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Celebrating Literacy Leadership: John Guthrie

By Alina O'Donnell
 | Oct 05, 2017

GJohn Guthrieuthrie is the recipient of the William S. Gray Citation of Merit Award, recognizing a nationally or internationally known individual for his or her outstanding contributions to the field of reading/literacy. To learn about 2018 award and grant opportunities, visit our Awards & Grants page.

John Guthrie has devoted his career to exploring what he believes is the “big, empty hole in human development for reading”—motivation.

He discovered this uncharted territory while serving as codirector of the National Reading Research Center, funded by the U.S. Department of Education.

“The theme was motivation and engagement. We said, let’s shine a light on this topic that hasn’t gotten high awareness. What are motivators for students, and what kinds of classroom contexts and teacher practices boost motivation and engagement?” Guthrie recalls.

Guthrie’s research focuses on the positive relationship between reading motivation and literacy achievement. He says skill and will go hand in hand.

“If a student is relatively well motivated in several different ways, they then become engaged in reading. They’re putting out effort, following their passion for reading. Motivations drive effort, energy, and enjoyment,” Guthrie says.

Guthrie, who received both his master’s and doctoral degrees in educational psychology from the University of Illinois, began his career as an assistant professor of education and project director of the Center for Social Organization of Schools at Johns Hopkins University. In addition to his stint at the National Reading Research Center, he has served as the director of research for ILA and director of the Center for Educational Research and Development at the University of Maryland, College Park.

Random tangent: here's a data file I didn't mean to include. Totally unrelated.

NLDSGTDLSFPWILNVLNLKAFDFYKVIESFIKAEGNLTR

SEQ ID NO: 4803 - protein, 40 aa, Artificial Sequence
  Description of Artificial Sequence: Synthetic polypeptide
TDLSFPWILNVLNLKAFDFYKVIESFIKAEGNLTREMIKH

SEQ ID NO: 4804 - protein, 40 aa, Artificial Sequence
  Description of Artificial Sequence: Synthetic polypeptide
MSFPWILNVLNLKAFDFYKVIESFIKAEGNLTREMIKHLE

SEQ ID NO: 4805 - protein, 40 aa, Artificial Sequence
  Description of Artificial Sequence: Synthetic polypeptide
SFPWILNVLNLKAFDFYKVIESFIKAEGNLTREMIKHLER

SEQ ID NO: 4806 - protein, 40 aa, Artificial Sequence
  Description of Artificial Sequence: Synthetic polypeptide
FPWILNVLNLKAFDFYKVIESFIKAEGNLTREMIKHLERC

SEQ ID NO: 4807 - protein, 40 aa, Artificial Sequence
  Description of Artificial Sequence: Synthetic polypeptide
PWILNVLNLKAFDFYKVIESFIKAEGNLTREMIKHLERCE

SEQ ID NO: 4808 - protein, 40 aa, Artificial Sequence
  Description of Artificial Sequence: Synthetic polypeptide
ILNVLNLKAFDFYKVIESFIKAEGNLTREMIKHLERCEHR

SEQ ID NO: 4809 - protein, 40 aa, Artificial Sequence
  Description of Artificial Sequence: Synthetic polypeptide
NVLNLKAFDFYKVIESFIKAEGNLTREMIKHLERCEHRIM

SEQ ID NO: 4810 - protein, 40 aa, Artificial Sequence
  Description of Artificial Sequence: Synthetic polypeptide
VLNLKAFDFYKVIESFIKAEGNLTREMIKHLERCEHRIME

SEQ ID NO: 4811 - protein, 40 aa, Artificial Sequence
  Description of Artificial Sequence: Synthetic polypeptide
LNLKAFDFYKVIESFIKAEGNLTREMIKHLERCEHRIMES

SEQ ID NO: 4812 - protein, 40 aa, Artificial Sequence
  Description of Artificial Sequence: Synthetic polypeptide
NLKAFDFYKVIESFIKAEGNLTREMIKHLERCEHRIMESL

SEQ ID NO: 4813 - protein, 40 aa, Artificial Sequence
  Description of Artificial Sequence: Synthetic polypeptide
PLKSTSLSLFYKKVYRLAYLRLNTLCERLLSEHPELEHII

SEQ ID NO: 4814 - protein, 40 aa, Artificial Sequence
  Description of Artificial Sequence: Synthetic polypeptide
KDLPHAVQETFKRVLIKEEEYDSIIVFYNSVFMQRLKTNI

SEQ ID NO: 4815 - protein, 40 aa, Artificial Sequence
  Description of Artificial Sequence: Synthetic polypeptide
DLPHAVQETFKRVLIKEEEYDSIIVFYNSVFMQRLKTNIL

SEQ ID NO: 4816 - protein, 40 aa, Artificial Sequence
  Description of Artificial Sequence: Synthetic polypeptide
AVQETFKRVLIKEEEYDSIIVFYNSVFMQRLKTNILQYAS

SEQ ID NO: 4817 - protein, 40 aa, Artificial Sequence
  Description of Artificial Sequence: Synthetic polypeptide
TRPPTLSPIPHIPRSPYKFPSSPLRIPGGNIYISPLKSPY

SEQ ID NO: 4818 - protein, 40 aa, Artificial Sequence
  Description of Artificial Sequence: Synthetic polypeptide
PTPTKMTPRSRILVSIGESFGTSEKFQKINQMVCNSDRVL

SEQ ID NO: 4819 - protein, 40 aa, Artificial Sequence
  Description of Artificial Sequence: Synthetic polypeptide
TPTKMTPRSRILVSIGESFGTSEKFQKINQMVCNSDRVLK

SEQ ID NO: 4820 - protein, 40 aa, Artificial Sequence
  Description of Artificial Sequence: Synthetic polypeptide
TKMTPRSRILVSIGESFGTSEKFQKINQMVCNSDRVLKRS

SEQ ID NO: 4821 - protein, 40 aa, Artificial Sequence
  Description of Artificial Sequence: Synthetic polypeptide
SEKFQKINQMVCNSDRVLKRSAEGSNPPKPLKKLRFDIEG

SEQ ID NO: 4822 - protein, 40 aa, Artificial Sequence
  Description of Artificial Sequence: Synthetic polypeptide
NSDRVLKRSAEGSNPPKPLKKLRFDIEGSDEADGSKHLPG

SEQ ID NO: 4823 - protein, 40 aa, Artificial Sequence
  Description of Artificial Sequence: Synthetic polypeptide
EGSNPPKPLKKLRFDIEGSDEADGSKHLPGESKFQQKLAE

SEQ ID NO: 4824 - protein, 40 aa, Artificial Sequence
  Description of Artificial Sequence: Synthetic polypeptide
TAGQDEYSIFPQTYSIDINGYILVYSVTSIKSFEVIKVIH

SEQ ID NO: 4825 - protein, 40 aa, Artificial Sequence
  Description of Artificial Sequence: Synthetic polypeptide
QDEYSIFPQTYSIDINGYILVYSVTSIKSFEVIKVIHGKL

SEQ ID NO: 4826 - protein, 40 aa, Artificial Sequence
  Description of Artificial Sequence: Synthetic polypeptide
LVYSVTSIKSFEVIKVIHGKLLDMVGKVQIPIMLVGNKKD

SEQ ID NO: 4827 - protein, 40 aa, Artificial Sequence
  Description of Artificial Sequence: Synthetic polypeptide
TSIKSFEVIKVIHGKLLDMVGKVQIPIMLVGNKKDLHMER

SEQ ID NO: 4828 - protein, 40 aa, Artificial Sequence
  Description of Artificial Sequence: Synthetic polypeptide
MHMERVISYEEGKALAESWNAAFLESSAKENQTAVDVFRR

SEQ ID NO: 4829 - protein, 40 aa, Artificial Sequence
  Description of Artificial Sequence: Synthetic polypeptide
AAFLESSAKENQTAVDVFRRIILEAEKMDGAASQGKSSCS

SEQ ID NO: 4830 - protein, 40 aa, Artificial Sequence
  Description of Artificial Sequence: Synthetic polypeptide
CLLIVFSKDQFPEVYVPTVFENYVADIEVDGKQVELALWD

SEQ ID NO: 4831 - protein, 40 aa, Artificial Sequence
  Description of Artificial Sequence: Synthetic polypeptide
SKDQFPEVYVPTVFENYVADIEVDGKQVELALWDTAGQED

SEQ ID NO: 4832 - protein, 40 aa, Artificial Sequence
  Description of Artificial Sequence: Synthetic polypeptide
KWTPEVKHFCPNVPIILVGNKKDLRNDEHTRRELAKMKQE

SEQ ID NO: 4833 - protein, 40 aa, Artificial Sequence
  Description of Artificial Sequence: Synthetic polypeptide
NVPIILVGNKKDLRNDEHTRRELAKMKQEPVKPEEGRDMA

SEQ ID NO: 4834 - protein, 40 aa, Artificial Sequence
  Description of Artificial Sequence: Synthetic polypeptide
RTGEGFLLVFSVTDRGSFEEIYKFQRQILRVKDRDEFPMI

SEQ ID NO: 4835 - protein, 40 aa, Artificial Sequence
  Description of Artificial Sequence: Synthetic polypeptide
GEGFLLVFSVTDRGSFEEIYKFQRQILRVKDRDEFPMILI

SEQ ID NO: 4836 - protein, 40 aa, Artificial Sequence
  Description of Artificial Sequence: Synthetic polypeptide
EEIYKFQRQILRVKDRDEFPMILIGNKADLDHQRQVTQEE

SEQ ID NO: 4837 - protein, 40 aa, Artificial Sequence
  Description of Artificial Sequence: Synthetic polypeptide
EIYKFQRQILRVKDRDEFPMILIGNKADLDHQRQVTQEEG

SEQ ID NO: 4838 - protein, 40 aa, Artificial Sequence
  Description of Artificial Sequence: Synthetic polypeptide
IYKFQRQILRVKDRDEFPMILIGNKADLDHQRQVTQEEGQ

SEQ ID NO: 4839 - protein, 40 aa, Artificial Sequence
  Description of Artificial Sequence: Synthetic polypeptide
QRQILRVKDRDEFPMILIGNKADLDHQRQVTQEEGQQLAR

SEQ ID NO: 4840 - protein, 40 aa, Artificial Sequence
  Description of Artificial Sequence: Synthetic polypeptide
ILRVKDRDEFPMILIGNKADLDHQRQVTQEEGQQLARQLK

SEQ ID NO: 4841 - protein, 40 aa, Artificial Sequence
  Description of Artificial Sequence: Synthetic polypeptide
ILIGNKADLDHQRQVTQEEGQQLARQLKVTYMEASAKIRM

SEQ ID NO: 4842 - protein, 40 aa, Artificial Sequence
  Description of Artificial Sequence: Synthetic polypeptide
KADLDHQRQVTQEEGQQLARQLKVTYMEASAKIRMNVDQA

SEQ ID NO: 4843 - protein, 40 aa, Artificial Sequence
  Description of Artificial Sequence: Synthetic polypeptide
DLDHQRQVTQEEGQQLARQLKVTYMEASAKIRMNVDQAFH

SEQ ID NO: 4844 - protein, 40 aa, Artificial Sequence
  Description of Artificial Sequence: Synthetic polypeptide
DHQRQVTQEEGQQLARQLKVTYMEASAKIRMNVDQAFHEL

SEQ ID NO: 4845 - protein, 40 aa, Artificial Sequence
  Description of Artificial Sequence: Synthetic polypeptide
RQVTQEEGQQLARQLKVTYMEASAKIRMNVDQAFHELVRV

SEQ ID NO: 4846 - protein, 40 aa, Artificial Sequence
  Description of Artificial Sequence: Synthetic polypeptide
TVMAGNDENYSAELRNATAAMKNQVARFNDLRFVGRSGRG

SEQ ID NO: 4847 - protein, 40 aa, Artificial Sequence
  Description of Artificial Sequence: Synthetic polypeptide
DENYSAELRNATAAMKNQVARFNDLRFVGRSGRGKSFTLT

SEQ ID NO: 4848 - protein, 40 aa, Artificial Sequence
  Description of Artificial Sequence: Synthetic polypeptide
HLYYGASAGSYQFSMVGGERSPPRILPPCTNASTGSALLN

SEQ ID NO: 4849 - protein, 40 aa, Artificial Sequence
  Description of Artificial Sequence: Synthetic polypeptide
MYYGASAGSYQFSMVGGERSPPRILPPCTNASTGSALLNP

Although he retired in 2007, Guthrie is currently involved in four research projects examining motivation in digital literacy. Like the field itself, his research has evolved to reflect the increasing multimodality of 21st-century texts.

Guthrie says his research is helping to establish new tools in digital literacy engagement. Right now, he’s studying how computer systems can teach struggling readers in a way that’s motivationally adaptive (responds to the motivation of kids), helping teachers to develop practices that inspire a fuller range of motivations.

When asked how he felt about receiving ILA’s William S. Gray Citation of Merit, Guthrie says he is humbled to receive an award named after one of his idols.

“William S. Gray was my hero when I was working at ILA. He was one of my inspirations in terms of how he read and how he wrote and what he did,” Guthrie says. “It is a special honor to have this award linked to him.”


Alina O'Donnell
is the editor of Literacy Daily.

 

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